Photodynamic therapy (PDT) has been established as a new treatment modality for cancers during the past two decades. The principle of this modality is that a photosensitizing drug can preferably accumulate in the cancer region and produce singlet oxygen (1O2) when excited with light of appropriate wavelengths to destroy the lesion [1]. Therefore, the efficiency of cancer inactivation is closely correlated to the light absorption of used photosensitizers (PSs). However, the light extinction coefficients of PSs are generally low, including those officially approved PSs such as Photofrin and metal phthalocyanines [24]. Recently, the nanotechnology with different kinds of nanoparticles has been increasingly developed, and the related applications have been expanded quickly [510]. The suggestion of combining nanotechnology with PDT has been proposed, and related works have been tested [1118]. Based on the high light absorption coefficients of quantum dots (QDs), Samia et al. firstly proposed a new idea of PS-QD conjugate model, in which the QD absorbs light and then functions as a donor to transfer the energy to PS via fluorescence resonance energy transfer (FRET). They prepared QD-phthalocyanine (Pc4) conjugates in organic solution, and these conjugates achieved the high 1O2 production with the way of FRET [19]. The other groups including our group then developed different kinds of QD-PS conjugates in aqueous solutions for their further applications in biological systems [5, 20, 21]. Since the light extinction coefficients of QDs are one order of magnitude larger than that of PSs, the conjugation of PS-QD seems a potential way to increase the PDT effect. However, the biological system is much complicated as compared to the pure solution. So far, the FRET-mediated PDT by PS-QD conjugates has not been achieved in living systems, leaving a doubt whether the PS-QD conjugates can really work in PDT. Regarding the application in biological systems such as in living cells, at least two problems should be overcome. Firstly, when conjugates pass through the plasma membranes entering the living cells, they should keep their conjugate form, which requires a stable binding between PS and QD in the conjugate. Secondly, the PS-QD conjugates are also required to maintain their physical properties in the cellular environment for carrying out the FRET. In this work, the stable conjugates of QDs with sulfonated aluminum phthalocyanines (AlPcSs) were prepared by electrostatic binding. These conjugates can load AlPcS to penetrate into cancer cells easily and then perform the FRET effectively in cellular environments. The conjugates in cells demonstrated for the first time that they can kill cancer cells via FRET-mediated PDT.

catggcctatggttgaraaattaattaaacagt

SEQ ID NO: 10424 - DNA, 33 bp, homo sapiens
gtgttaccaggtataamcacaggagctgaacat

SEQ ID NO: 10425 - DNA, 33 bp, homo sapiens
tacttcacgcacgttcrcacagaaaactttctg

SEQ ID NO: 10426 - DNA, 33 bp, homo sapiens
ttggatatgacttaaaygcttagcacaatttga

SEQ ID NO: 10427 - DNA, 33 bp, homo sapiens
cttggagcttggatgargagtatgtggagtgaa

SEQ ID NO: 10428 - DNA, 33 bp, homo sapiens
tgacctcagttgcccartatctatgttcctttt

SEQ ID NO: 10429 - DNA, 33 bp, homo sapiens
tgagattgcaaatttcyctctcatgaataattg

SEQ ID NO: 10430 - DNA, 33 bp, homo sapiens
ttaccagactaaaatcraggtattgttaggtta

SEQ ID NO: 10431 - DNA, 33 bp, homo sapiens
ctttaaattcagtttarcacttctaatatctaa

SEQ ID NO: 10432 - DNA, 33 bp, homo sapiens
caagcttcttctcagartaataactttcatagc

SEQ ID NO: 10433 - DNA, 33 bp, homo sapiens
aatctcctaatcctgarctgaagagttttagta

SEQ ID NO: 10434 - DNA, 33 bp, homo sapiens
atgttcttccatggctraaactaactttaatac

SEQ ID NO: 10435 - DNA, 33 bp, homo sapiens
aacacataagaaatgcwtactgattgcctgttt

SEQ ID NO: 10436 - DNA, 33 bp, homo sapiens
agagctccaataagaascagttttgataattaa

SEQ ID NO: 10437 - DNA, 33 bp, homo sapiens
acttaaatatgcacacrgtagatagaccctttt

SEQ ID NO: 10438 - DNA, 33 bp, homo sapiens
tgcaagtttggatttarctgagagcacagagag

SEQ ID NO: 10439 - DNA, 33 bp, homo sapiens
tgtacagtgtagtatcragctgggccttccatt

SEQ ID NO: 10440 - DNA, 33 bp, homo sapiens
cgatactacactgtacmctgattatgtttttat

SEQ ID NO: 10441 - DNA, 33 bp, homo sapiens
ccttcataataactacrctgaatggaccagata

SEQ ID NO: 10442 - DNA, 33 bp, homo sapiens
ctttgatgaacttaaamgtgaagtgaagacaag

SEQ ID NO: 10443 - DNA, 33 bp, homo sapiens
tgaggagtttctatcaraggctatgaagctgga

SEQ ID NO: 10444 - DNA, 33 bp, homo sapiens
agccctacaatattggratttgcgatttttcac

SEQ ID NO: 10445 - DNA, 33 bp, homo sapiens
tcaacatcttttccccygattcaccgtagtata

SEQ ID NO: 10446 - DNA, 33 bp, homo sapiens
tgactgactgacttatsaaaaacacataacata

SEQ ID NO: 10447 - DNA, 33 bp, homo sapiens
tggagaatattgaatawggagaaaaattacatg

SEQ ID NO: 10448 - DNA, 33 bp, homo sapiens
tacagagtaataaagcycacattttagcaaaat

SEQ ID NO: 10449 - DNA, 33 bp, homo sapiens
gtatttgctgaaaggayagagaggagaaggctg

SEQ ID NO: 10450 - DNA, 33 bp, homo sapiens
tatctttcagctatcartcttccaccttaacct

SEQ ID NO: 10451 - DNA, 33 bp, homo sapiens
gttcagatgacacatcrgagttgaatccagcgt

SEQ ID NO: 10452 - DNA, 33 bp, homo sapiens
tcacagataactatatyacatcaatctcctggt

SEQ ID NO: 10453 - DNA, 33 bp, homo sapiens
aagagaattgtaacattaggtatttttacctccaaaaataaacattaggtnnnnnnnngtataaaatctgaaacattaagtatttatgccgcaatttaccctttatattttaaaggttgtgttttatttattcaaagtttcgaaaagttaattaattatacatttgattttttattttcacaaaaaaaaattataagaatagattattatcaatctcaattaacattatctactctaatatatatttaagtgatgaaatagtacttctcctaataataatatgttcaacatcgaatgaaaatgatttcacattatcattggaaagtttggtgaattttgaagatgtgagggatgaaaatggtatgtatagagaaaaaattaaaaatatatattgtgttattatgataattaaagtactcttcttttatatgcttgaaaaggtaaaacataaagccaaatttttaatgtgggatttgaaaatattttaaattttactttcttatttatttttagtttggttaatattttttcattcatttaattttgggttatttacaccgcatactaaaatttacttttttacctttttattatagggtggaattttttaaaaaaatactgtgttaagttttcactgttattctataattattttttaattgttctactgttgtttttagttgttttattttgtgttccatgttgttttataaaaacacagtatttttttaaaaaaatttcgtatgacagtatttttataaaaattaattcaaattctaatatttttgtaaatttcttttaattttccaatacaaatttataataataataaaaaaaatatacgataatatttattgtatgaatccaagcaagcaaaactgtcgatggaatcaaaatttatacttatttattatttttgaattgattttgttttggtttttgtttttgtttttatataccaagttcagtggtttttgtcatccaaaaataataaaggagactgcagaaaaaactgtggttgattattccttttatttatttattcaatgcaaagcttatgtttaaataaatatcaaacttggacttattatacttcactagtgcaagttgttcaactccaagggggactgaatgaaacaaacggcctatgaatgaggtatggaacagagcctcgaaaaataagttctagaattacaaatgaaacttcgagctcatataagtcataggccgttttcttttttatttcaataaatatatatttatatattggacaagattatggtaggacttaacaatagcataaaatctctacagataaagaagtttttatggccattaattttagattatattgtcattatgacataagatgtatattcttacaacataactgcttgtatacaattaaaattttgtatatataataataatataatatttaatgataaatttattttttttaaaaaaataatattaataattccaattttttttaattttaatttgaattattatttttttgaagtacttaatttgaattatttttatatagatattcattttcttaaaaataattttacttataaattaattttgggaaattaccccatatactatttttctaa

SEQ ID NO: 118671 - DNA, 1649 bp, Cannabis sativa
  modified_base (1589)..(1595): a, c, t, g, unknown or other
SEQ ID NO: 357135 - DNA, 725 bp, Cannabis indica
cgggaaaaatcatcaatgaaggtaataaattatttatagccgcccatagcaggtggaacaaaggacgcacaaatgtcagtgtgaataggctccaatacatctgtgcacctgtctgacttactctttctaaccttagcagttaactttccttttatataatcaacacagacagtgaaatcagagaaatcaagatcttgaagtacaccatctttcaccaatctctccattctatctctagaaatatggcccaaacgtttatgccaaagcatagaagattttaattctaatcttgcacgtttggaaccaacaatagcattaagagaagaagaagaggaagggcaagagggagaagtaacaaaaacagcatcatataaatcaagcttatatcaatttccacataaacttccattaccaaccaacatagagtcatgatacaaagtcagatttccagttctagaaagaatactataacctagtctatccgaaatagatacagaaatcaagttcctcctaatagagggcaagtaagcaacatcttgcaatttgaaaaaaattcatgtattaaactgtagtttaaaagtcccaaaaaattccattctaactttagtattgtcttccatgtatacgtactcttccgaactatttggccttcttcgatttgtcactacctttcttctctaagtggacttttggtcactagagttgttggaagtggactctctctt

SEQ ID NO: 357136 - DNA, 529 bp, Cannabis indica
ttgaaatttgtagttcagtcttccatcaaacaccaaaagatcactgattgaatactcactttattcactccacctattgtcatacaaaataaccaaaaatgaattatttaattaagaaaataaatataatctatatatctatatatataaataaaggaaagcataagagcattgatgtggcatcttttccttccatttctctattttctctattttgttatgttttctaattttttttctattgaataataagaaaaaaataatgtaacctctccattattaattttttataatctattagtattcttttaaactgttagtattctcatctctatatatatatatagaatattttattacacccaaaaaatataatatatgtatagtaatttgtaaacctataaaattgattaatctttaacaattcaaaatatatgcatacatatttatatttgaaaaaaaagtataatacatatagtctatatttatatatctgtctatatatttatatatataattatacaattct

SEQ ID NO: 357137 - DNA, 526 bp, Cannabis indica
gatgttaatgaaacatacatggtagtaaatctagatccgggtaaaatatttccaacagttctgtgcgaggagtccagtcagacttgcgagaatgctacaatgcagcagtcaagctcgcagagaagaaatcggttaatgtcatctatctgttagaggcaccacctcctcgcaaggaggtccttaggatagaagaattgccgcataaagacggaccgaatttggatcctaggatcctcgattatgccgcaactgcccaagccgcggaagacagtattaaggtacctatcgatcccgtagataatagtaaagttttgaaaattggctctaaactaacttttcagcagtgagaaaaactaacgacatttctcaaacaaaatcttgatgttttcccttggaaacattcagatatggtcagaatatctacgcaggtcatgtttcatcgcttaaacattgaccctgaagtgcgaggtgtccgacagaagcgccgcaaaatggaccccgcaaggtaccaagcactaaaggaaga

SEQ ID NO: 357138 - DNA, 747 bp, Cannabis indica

Preparation of amine-DHLA-coated CdSe/CdS/ZnS QDs